While the Russian President during his visit to New Delhi announced his help of building more than 20 nuclear power plants in India (some reported 10, others 12, some even 24), it would be worthwhile to see what is the status of the nuclear industry in Russia, after Fukushima.

Here is an important report, prepared by an independent agency in Africa where Russia has been trying to find a market, authored by Vladimir Sylvak, an eminent Russian environmentalist associated with EcoDefense. We are posting the main conclusions of the report for the readers of DiaNuke.org. The full report can be seen below.

Rosatom remains one of the largest nuclear energy producers and reactor suppliers in the world. Its willingness – attested to by deals signed with developing countries for dozens of reactor contracts in recent years – to enter unstable markets, and to offer state funding and fuel services.

However, taking into account its limited reactor manufacturing capacity and the current domestic development plans in Russia, it is unlikely that Rosatom will be able to build new reactors in other countries as scheduled. Cost overruns and significant delays must be expected.
So far, active construction is only underway in Russia itself, China and Belarus. Furthermore, with cost overruns only growing with additional reactor projects planned for construction, it is unclear how many deals can actually be funded from the Russian state budget. While Rosatom estimates the cost of its new 1200 MW reactor between $5-billion and €5-billion in various cases, independent assessments suggest it could be as much as €7.7-billion, which is close to the cost of France’s EPR.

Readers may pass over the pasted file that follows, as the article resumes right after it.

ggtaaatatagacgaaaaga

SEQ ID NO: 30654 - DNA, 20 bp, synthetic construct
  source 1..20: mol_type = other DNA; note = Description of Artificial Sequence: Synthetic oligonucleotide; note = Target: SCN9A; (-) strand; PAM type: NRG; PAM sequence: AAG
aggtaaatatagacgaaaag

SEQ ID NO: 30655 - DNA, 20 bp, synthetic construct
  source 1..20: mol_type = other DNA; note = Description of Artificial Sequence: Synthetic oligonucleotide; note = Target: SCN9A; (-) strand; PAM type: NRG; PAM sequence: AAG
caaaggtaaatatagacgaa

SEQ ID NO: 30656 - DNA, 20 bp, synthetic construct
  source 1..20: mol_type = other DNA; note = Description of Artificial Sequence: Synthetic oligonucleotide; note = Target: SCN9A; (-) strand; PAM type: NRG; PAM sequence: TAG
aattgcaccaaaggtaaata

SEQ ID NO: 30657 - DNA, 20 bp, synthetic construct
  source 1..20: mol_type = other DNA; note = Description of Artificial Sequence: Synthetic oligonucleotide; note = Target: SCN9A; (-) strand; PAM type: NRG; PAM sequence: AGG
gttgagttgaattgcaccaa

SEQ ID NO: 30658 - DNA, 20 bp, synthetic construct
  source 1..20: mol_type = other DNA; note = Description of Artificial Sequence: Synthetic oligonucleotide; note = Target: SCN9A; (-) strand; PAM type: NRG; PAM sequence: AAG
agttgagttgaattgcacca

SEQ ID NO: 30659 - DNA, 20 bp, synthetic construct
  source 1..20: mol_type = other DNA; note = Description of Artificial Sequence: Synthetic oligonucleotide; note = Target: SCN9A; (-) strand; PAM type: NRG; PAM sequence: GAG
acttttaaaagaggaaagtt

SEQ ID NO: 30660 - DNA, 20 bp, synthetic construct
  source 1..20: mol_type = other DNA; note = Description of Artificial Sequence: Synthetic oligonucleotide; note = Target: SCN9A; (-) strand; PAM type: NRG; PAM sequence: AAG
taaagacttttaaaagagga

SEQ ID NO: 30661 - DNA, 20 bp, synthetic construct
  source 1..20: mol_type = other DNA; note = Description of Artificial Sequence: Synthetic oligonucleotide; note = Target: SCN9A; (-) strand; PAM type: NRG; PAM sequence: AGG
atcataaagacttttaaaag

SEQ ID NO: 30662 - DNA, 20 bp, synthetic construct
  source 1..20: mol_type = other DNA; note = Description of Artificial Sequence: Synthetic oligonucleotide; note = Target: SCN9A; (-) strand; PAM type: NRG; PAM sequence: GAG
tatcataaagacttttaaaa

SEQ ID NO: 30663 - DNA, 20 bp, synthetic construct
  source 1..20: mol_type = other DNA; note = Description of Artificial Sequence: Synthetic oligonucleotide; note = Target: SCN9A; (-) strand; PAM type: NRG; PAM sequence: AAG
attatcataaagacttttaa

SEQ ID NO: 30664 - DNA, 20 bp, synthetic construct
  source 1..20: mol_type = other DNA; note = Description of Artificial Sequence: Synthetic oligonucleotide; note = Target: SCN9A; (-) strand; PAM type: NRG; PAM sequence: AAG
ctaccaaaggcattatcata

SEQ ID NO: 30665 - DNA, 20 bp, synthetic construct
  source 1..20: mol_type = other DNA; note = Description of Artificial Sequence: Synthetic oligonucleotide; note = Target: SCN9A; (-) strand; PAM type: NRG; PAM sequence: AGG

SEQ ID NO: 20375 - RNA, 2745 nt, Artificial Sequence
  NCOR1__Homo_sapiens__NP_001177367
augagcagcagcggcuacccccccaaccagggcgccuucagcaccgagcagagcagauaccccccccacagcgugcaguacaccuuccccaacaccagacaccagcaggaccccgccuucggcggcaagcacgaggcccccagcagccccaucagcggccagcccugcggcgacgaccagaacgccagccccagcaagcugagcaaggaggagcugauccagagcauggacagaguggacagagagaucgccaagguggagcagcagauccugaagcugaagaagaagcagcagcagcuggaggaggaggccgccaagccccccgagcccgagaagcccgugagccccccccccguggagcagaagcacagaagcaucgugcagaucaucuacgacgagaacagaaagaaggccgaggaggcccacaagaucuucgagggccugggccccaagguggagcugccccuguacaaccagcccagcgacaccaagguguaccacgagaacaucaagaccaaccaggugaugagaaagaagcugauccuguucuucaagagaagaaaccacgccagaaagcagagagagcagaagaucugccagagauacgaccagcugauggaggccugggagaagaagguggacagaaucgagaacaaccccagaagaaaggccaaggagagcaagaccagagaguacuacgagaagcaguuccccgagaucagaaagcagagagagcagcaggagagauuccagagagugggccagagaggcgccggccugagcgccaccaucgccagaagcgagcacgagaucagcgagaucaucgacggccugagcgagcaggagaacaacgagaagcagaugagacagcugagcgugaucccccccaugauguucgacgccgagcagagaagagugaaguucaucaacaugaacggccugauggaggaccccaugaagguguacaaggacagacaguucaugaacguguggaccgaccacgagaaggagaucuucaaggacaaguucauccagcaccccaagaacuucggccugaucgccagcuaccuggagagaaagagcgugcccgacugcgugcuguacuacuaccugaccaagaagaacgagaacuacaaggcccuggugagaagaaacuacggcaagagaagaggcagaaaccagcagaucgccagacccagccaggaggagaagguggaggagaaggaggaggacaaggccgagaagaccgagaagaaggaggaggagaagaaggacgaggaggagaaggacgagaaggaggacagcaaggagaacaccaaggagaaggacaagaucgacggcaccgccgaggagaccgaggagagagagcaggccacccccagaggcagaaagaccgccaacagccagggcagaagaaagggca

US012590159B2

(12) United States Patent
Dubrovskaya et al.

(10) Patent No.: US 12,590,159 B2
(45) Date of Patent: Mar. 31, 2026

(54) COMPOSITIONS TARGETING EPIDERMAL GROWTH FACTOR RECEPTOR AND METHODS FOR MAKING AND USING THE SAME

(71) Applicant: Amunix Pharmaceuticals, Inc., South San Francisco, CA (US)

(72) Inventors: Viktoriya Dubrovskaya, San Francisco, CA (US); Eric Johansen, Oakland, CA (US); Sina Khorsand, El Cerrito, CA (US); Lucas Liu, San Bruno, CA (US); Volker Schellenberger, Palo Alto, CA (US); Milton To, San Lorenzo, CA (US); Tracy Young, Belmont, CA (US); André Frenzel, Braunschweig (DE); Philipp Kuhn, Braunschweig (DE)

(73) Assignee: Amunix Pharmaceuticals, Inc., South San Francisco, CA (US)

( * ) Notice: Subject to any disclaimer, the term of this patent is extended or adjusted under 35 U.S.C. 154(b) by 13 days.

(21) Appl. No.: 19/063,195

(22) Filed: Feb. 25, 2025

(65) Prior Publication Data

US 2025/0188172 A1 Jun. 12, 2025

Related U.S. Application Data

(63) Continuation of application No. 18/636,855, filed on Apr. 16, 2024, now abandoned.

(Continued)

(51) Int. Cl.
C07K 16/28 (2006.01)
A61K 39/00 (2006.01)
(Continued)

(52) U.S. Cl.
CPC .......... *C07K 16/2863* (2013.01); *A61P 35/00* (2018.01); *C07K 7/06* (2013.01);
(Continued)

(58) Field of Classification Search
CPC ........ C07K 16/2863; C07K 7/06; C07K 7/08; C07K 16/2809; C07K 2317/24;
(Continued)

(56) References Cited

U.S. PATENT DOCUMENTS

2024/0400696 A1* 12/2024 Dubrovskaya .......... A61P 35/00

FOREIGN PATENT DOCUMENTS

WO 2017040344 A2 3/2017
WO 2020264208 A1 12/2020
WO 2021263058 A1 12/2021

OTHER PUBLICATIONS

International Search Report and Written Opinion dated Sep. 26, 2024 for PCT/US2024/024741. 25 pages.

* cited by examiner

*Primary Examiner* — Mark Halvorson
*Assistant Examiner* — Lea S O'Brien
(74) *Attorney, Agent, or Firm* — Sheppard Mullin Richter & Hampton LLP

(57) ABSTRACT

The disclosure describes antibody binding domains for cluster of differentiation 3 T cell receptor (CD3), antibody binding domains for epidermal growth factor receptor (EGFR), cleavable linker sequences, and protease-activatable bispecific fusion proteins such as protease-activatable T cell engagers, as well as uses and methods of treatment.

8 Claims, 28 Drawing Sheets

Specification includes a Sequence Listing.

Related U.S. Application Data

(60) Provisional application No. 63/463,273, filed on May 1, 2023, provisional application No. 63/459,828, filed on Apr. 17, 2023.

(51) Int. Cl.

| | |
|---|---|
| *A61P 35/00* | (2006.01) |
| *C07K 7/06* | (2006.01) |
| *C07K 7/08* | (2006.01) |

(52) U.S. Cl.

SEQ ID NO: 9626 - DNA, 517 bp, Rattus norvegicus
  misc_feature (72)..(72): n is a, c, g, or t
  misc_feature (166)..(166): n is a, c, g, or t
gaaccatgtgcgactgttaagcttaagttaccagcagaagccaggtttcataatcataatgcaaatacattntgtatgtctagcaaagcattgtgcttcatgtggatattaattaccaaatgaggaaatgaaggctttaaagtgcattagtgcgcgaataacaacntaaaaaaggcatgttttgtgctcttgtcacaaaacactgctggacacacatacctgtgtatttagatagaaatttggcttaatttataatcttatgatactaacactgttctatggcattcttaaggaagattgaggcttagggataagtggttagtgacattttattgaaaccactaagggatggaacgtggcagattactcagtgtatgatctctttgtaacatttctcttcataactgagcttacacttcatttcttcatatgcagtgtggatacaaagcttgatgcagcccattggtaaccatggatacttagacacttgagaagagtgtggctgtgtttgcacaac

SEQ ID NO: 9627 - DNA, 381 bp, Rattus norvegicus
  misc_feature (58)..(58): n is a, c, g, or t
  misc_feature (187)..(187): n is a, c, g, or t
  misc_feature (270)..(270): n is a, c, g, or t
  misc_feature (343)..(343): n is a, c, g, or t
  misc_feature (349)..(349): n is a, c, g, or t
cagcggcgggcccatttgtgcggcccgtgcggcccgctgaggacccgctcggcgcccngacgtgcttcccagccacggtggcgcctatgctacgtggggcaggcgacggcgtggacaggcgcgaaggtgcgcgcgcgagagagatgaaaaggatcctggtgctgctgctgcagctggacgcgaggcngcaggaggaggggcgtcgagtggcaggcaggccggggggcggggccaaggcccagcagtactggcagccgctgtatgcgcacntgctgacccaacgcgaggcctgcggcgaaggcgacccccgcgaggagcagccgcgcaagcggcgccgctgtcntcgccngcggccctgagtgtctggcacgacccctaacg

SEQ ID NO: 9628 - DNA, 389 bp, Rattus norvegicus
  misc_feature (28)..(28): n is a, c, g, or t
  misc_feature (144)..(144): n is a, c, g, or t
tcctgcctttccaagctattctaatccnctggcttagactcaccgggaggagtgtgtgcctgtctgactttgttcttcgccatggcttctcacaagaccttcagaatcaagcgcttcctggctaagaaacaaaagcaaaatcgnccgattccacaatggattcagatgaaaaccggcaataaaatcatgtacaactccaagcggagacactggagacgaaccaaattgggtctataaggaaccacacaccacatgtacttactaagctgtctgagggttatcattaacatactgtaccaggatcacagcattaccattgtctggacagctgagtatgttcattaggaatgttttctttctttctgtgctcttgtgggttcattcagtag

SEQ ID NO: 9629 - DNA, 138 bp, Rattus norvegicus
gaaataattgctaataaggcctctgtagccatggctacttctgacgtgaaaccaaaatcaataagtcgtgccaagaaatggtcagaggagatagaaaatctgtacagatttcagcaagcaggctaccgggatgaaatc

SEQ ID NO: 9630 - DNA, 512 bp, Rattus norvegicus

Very serious concerns exist with regard to Russia’s aging reactors, which have been given 15- year license extensions when their original operating life expires. Some of the old reactors do not have a secondary containment, which is unacceptable under modern safety requirements. With the current policy of extending the operation of old reactors, the risk of new nuclear accidents is growing. Moreover, Russia still does not have a detailed plan for decommissioning its old reactors, and the experience it can rely on in this field is very limited.

As for its new projects, Rosatom is promoting its new reactor design, the VVER-TOI, to international customers even though this design has never been tested in practical operation in Russia. No assessments of this design have been done by independent experts, either. It remains unclear if safety has been improved in the new design, as Rosatom claims. But even industry experts put Rosatom’s claims of increased safety in doubt and argue over the effectiveness of new safety systems.

Existing Russian reactors, likewise, do not demonstrate a high level of safety. Over a dozen incidents and failures have already occurred at the newly built VVER at Kalinin NPP, including one involving a hydrogen explosion. The Russian fast breeder reactor – the only commercial unit of this type in the world – has in its over 30 years of operation experienced almost as many various accidents, including fires involving radioactive substances and coolant leaks. Further development of the breeder technology planned by Rosatom in Russia includes experiments with plutonium fuel. VVER-1200s are also designed to operate with plutonium fuel. Introducing this nuclear material into electricity generation on an industrial scale will likely lead to new accidents that will result in plutonium contamination. Additionally, eleven old RBMK units – all variations on the Chernobyl design – still remain in operation in Russia.